Thursday 20 June 2019

Final Results

Repeal the Eighth Amendment?

Yes 66.40% 1,429,981

No 33.60% 723,632

  • Constituencies declared: 40/40

Referendum Hub

'This is not a case of getting votes for me' - councillor on why he changed his mind on how he'll vote in the abortion referendum

Dublin City Councillor Paul McAuliffe
Dublin City Councillor Paul McAuliffe
Kathy Armstrong

Kathy Armstrong

AN Irish politician has said that he knows he may lose voters by backing repealing the eight amendment, but he says he can't support our "draconian" abortion laws.

Fianna Fail's Paul McAuliffe has addressed why he thinks we should repeal the eight amendment, months after he said he would be voting no in the historic referendum.

The Dublin City Councillor shared a lengthy open letter outlining his position on Twitter last night and said he has spent months considering the issues at stake.

He said: "As somebody who wishes to shape the laws of this country, I and others are left with a difficult choice of wanting to legislate for those with a fatal foetal abnormality, those who have been raped and equally dealing with the rapid change in technology and the availability of termination by way of a pill which can be delivered by post.

"I have also considered the very large number of women who are currently availing of a termination in the UK which in all likelihood would far rather avail of that termination in their own country.

"Having considered the matter I can find no legal method which would humanely allow those who have been raped to access a termination nor can I find a legal sanction which would not inhumanely criminalise men and women who import a termination pill.

"If the 8th amendment to the constitution remains and people continue to import a termination medicine then in order to enforce the law, the government would have to go to extreme measures to seek out and criminalise those people engaged in importing this medicine.

"I could not in all conscience stand over such draconian enforcement measures such as sniffer dogs in post offices and criminal sanctions for young people who would import these pills. Equally if we do not believe there will or should be such sanctions then why do we believe it should be illegal."

Campaign posters outside Government Buildings in Dublin (Niall Carson/PA)
Campaign posters outside Government Buildings in Dublin (Niall Carson/PA)

He also said having a young daughter influenced his decision, as he said that while he believes in equal rights for the mother and foetus, he thinks this can be "cruel and unfeeling" in reality.

"I have a young daughter and if in a moment of crisis she was in the future and without my knowledge to order termination medicine online, it would break my heart top think that the states response would be to arrest her or worse to take this termination medicine alone and without medical supervision.

"I ultimately found my position that life was  equal in theory but when applied to the practicality of women's lives, it became cruel and unfeeling. Particularly when applied to the lives of those women I know," Cllr McAuliffe said.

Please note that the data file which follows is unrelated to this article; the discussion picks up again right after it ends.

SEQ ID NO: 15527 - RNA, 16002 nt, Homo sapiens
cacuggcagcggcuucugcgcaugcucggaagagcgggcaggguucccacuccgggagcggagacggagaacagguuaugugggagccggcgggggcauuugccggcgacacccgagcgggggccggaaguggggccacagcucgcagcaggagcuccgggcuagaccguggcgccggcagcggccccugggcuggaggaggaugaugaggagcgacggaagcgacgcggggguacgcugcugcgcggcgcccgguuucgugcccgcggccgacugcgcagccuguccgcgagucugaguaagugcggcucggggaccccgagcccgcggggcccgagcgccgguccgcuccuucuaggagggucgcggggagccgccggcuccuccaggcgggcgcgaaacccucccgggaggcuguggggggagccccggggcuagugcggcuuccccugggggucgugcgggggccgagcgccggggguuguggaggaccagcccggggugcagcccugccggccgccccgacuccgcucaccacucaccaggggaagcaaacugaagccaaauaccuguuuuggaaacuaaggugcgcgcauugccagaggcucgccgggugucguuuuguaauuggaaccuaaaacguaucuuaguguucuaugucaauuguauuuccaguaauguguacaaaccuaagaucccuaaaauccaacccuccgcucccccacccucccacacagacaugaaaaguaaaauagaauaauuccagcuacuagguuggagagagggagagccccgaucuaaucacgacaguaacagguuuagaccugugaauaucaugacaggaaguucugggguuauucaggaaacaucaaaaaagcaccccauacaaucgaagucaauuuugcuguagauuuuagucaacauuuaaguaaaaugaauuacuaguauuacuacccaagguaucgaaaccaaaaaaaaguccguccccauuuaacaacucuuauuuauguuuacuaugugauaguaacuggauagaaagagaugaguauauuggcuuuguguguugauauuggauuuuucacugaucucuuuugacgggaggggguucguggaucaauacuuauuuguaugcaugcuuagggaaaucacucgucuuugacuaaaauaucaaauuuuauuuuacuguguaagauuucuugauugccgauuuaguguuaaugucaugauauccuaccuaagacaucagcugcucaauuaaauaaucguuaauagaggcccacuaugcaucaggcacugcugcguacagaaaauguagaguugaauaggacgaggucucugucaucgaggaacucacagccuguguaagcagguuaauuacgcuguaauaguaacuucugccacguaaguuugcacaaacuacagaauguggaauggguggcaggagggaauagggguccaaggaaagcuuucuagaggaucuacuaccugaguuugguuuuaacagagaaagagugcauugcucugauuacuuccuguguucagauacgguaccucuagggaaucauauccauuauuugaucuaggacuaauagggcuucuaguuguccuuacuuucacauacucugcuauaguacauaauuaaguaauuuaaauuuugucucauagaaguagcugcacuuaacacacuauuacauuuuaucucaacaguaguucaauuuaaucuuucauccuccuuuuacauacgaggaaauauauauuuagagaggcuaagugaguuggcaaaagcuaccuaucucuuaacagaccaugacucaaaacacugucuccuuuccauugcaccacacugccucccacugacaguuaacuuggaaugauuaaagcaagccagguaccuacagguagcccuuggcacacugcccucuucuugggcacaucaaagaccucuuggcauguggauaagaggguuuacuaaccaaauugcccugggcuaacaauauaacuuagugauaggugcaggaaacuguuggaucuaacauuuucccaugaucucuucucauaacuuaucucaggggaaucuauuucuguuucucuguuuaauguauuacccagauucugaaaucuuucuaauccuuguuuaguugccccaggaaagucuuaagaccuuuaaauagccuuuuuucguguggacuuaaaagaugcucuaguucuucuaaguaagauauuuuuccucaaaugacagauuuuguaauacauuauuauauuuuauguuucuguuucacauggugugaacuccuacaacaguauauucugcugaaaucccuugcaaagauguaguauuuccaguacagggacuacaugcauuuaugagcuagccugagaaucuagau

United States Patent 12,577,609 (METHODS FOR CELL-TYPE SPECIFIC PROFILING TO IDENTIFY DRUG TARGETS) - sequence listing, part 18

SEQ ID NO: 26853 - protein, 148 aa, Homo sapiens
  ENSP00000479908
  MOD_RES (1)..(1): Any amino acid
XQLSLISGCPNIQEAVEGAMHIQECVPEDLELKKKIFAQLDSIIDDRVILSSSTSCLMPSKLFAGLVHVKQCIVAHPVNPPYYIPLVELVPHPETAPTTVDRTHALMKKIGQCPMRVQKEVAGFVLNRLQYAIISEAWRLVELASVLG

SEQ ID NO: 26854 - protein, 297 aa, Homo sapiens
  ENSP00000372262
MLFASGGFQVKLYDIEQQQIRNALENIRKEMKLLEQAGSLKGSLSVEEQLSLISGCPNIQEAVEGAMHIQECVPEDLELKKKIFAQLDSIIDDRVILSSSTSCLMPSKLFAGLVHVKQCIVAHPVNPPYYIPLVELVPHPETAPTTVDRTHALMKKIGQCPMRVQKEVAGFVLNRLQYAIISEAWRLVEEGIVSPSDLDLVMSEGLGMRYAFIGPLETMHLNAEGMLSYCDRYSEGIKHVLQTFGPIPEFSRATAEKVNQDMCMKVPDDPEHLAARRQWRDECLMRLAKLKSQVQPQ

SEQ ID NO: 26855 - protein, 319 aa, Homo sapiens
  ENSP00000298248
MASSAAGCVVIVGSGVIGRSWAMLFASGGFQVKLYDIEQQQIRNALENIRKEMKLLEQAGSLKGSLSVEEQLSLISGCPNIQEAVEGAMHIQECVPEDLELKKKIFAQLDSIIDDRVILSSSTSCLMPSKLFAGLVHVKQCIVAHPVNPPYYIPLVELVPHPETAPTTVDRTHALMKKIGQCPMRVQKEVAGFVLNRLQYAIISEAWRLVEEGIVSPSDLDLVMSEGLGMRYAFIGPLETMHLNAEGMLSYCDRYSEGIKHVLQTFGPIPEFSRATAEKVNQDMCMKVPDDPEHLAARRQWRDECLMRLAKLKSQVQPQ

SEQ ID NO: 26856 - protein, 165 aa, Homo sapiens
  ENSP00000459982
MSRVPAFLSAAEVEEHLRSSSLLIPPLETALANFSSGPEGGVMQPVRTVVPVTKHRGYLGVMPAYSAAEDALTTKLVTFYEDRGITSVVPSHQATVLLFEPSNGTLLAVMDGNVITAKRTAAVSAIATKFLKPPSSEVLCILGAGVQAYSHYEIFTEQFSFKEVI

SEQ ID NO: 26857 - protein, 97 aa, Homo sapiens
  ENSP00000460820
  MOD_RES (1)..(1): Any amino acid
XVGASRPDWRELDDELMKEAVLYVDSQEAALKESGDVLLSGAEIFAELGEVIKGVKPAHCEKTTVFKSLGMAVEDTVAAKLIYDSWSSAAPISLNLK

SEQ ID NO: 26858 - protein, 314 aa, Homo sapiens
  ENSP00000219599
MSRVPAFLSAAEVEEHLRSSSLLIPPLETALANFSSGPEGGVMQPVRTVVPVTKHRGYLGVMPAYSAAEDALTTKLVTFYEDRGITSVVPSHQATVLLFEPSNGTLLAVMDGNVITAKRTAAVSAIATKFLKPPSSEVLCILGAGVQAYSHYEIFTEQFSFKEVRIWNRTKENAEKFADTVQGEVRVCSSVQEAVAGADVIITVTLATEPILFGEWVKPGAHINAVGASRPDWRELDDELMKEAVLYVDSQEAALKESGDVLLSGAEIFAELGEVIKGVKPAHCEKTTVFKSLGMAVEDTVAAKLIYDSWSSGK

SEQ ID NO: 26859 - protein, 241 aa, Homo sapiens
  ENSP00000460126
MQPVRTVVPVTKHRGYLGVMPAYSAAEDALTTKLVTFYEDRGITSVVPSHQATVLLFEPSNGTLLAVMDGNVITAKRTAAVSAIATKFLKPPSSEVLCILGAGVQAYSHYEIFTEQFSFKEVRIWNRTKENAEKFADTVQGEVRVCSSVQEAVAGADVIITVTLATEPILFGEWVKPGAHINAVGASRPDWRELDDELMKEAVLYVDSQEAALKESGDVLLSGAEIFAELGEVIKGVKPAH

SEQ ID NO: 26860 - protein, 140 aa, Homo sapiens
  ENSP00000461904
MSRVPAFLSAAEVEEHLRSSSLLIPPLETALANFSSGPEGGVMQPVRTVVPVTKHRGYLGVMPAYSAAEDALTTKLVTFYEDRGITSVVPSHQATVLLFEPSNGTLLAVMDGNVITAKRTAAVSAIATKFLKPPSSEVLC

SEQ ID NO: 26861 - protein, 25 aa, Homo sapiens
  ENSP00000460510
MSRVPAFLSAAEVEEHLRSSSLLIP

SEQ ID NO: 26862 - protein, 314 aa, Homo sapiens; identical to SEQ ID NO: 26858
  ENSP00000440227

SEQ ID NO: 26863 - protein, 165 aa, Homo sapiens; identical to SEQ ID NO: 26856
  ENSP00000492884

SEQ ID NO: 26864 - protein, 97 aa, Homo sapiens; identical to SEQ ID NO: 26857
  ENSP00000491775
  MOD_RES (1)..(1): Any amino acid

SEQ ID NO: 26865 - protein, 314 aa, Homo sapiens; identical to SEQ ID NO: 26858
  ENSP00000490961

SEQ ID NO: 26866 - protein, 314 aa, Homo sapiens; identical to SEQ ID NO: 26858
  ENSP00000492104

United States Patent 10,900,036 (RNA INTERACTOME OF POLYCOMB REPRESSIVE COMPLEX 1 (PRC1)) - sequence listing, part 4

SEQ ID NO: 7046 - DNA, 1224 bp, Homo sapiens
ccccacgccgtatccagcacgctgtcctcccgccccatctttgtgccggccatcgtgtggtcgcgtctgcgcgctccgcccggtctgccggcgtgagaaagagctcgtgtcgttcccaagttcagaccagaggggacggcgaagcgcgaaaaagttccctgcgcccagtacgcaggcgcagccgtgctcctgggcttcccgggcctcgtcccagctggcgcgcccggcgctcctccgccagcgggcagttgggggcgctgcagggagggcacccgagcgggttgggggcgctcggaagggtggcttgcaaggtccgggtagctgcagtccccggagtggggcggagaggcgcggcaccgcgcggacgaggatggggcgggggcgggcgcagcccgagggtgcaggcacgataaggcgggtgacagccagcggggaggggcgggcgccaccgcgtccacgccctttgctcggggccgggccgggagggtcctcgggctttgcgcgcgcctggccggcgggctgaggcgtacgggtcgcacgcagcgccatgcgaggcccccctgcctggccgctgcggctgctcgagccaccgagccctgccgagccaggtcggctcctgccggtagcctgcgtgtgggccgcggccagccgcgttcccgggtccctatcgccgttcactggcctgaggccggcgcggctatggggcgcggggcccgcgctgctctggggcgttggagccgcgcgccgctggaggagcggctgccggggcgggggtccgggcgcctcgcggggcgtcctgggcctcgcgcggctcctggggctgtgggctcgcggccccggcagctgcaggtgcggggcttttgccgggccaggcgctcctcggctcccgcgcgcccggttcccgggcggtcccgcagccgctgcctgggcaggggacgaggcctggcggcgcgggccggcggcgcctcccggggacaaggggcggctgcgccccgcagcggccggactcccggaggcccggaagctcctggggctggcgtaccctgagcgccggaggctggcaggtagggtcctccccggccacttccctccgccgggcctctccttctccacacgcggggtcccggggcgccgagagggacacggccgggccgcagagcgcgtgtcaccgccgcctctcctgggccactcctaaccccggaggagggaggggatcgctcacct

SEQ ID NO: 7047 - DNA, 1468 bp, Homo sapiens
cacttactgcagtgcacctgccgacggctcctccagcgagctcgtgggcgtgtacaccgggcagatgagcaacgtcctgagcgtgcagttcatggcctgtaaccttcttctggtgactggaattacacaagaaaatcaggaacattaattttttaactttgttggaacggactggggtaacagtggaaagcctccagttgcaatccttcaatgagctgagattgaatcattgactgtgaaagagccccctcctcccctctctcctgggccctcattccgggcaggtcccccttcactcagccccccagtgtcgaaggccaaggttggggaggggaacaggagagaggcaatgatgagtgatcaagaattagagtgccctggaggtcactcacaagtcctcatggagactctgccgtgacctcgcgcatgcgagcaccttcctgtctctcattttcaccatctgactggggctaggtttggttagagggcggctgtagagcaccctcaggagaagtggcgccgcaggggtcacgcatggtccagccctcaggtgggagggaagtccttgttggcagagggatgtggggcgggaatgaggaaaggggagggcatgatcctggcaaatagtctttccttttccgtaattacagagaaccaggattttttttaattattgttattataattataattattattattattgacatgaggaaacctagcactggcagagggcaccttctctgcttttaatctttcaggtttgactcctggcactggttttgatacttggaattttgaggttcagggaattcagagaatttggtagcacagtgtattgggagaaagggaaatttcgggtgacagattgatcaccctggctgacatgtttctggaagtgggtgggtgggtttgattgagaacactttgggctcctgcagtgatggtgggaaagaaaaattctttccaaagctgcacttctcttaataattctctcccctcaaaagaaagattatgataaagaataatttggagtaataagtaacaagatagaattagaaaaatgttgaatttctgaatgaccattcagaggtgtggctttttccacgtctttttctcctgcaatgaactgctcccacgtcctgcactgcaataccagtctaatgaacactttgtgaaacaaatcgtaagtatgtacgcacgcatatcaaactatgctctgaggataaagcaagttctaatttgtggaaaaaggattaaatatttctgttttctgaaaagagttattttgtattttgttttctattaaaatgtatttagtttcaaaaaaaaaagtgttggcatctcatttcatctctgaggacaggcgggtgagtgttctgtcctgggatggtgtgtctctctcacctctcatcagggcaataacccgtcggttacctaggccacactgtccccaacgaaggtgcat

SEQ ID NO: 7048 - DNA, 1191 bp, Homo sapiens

He told today that he does not want to "preach" or "shove an opinion down anyone's throat" but he did think it was important to outline why he has changed his position.

Cllr McAuliffe noted: "I wrote the letter to Aoife, who organises the Dublin-North West Together For Yes group, they contacted me last year but I said I thought I wanted to retain the eight but I would take time to mull it over and keep listening to both sides.

"I have sent them that letter to outline where I am on it, it's difficult because in the last election I was the only candidate in my constituency favour of retaining the eight amendment, all the others were in favour of repeal so I did feel a lot of support had given me support on that basis...

"We still don't know all of the separate outcome of voting yes, I don't think anybody does or what the impact will be.

"I know people who have had fatal foetal abnormalities and the practicalities of a termination not being available for them in the country where they live is very difficult.

"I think on balance the right thing to do is remove it from the constitution."

He added that while the majority of feedback he has received on social media has been positive so far, he is bracing himself for some criticism from some people who have voted for him.

Cllr McAuliffe said: "I know people will question if you can trust politicians but we're not removed from the wishes of the people who elect us, we will always be guided by them.

"People accuse politicians of flip flopping on issues but this is not a case of getting votes for me, from an electoral perspective there are going to be a lot of people who might not support me going forward because of this.

"On the flip side, I don't expect to gain a wave of support from the yes side either as there are eight other candidates who might have done a lot more to repeal the eight than me.

"I'll wait and see what the reactions are from the people I meet on the street, they put me where I am and I know there has been some disappointment from people who are pro-life and thought I was of that position too.

"I still regard myself as pro-life, I just think this is now the way forward, I'll judge the reaction more so from people I meet from my area than those online."

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